The real cost of climate change

Lloyds of London: "The sky is falling, the sky is falling!"

Published June 9, 2006 6:30PM (EDT)

Critics of the Kyoto Protocol and other mechanisms for slowing down global warming like to claim, in ominous apocalyptic tones, that any such measures will mean doom for industrialized economies. Higher energy prices, lower profits, etc. There are plenty of reasons to scoff at their thesis, but there's also a flip side. Not doing anything is going to be expensive too. A new report from the venerable insurance company, Lloyd's of London, warns that the insurance industry will likely be forced to raise premiums to cover losses due to climate change. (Thanks to Energy Bulletin for the alert.)

The report, "Adapt or Bust," doesn't provide much in the way of new information to seasoned climate-change obsessives. But its language is peculiarly compelling, as it is clearly not generated by political or ideological concerns. This isn't green Gaia-loving or anti-corporate bashing. It's a bottom-line appraisal. Extreme weather events are on the rise, and likely to get worse.

"Going forward," says Lloyd's, "we believe that the insurance industry should take a new approach to underwriting, looking ahead and not simply basing decisions on historical patterns, as has traditionally been the case. Pricing and capital allocation models must be updated regularly to reflect the latest scientific evidence, and not just in extremis, as has tended to happen in the past, for example after Hurricane Katrina."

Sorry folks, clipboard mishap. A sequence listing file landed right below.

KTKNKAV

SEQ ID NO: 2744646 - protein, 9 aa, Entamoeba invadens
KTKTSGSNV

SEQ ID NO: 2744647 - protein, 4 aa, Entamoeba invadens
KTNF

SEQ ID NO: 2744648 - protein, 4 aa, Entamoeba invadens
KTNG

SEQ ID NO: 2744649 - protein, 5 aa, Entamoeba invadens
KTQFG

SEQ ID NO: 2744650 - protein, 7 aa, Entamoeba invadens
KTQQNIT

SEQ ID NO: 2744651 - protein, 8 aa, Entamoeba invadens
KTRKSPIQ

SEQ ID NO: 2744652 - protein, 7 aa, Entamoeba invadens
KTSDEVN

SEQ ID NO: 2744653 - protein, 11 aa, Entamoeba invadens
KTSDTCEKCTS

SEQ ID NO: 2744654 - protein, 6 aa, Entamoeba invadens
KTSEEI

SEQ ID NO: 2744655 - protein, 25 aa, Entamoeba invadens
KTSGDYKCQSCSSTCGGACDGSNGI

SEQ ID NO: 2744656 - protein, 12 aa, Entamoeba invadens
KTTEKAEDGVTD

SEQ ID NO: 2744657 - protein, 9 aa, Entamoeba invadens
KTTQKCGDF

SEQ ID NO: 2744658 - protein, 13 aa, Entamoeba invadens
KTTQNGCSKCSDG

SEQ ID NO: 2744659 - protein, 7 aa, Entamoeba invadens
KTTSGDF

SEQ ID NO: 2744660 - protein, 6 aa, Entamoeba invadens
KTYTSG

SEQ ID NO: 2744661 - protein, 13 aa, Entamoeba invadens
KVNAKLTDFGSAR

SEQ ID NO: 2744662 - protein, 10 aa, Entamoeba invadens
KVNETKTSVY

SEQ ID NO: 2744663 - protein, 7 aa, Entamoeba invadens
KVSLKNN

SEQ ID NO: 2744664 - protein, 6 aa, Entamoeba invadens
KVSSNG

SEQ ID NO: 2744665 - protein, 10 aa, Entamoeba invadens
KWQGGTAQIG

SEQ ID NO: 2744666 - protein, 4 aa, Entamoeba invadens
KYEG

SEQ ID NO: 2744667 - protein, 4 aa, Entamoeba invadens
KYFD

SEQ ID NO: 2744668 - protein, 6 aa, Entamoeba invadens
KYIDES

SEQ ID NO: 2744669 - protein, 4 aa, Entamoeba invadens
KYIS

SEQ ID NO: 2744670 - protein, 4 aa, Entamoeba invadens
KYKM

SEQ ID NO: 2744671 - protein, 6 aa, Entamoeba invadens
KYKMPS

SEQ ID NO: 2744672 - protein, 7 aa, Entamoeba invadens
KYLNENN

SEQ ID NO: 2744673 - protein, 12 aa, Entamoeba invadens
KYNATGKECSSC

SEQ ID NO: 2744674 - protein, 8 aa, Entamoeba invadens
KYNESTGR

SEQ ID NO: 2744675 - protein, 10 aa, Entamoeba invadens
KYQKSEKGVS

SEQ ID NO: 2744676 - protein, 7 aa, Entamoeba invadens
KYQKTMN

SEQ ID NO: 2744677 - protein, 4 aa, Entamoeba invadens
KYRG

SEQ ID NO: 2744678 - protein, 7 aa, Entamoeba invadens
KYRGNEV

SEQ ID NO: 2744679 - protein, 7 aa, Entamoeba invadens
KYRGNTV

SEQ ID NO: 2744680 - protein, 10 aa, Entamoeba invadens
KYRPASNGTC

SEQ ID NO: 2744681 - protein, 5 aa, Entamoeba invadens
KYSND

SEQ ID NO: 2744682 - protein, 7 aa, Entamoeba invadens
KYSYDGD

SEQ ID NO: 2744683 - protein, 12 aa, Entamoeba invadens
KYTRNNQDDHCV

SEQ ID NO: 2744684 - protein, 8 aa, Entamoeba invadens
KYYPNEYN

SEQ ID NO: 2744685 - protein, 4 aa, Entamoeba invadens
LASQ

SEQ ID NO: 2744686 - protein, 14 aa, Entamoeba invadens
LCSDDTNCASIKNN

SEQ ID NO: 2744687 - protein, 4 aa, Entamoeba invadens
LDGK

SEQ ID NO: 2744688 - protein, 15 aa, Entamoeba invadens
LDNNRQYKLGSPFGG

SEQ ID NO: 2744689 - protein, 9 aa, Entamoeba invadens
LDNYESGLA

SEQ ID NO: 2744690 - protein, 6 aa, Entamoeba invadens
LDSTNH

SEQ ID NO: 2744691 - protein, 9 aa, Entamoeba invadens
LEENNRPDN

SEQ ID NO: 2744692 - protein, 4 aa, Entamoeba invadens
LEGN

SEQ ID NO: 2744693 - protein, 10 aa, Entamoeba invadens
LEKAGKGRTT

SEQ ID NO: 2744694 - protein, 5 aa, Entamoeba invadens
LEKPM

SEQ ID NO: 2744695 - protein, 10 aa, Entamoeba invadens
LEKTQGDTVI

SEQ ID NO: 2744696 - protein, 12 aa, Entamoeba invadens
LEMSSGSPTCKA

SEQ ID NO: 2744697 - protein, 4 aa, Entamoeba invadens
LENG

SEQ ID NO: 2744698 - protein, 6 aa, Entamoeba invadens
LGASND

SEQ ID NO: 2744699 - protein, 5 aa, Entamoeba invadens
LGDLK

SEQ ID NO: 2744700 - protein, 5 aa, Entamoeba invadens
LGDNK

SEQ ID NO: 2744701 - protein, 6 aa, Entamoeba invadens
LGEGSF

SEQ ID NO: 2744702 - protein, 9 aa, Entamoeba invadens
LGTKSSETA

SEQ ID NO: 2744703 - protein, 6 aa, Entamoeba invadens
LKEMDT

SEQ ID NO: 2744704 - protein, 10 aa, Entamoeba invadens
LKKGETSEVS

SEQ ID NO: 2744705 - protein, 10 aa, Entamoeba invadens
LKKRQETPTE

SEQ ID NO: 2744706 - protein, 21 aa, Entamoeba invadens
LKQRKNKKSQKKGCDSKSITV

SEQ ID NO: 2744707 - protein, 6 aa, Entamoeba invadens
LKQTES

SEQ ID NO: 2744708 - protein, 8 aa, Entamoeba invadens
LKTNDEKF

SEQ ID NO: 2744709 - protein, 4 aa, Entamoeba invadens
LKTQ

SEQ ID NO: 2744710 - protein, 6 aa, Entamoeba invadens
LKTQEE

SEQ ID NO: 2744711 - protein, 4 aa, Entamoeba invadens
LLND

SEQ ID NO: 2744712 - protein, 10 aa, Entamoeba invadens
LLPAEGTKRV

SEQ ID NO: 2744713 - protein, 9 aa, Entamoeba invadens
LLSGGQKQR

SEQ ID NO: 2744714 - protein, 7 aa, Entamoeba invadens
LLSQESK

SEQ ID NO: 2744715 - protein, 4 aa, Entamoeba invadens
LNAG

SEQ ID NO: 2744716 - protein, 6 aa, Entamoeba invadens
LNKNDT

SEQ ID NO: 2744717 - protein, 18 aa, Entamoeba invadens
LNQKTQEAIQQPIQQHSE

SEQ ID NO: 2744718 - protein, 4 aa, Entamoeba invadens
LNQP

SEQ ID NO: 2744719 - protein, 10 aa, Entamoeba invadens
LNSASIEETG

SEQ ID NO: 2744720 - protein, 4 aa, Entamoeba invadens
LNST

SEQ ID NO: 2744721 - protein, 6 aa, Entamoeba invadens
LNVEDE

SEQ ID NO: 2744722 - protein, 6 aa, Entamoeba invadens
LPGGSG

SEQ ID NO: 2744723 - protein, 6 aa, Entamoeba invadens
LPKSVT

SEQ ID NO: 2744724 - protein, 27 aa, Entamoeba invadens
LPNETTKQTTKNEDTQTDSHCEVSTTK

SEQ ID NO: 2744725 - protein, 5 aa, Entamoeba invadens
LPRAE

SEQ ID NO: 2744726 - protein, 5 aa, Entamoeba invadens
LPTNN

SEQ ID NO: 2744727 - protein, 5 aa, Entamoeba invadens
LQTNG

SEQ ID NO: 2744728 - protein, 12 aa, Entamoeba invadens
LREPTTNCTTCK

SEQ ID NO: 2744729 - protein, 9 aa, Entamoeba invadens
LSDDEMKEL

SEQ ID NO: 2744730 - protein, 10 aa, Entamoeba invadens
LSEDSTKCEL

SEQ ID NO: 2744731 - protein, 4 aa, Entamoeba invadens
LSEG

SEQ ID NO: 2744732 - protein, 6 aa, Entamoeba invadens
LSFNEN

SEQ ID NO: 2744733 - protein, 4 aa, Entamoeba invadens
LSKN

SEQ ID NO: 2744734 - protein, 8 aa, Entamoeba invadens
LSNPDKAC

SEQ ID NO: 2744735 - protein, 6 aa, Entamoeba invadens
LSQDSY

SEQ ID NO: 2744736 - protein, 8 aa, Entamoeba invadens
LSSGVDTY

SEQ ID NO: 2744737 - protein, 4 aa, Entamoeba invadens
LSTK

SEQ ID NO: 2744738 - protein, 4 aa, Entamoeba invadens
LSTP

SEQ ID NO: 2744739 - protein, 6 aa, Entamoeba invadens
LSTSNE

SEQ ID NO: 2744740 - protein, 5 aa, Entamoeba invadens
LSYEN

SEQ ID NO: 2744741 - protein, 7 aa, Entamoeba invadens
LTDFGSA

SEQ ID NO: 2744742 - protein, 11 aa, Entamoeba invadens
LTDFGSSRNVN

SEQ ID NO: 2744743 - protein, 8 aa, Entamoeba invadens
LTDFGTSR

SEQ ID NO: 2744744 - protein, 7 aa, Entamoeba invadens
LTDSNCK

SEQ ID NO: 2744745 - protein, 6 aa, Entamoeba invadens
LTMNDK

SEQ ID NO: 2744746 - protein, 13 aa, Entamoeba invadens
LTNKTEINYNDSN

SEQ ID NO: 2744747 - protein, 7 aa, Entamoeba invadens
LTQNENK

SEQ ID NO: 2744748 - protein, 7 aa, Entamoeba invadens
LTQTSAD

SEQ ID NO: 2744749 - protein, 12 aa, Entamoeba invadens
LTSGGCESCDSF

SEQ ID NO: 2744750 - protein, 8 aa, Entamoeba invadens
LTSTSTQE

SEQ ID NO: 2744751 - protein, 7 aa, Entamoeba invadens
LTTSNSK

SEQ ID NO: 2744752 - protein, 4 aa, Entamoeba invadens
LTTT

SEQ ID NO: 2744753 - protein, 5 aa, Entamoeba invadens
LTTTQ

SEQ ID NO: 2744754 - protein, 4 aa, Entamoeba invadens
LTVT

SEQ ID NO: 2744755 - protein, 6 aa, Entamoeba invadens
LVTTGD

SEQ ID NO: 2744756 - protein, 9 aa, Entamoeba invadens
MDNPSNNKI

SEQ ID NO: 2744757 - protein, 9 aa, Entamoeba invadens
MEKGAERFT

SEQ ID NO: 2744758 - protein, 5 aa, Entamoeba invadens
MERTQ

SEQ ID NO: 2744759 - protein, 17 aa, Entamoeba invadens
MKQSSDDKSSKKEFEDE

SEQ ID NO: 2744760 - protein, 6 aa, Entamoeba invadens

The Bush administration has a well-documented record of trying to fudge the science of climate change. The insurance industry can't afford to be that stupid. To protect their own profitability, they're going to have to take care of the planet.

Going forward, the closing paragraphs of the report should be read aloud before every future meeting of a corporate board of directors.

"Insurers need to consider the impact that an unstable climate could have on global asset values, which may generate a mismatch against insurance liabilities. Asset values tend to react to new information as soon as it is known, and adjust accordingly even if the effects are likely to take effect some time in the future. Insurers rely on returns from assets to boost financial performance. If these returns reduce, whether gradually or suddenly, then insurer profits will be lower. Consequently, it will become even more important for insurers to price risk according to exposure, and to underwrite for profit, without reliance on investment income.

"The global financial services industry holds a significant proportion of the world's financial assets. Insurance industry participants can therefore make a difference by using their influence as investors to encourage 'climate proof' behavior from the boards of large corporations."

By Andrew Leonard

Andrew Leonard is a staff writer at Salon. On Twitter, @koxinga21.

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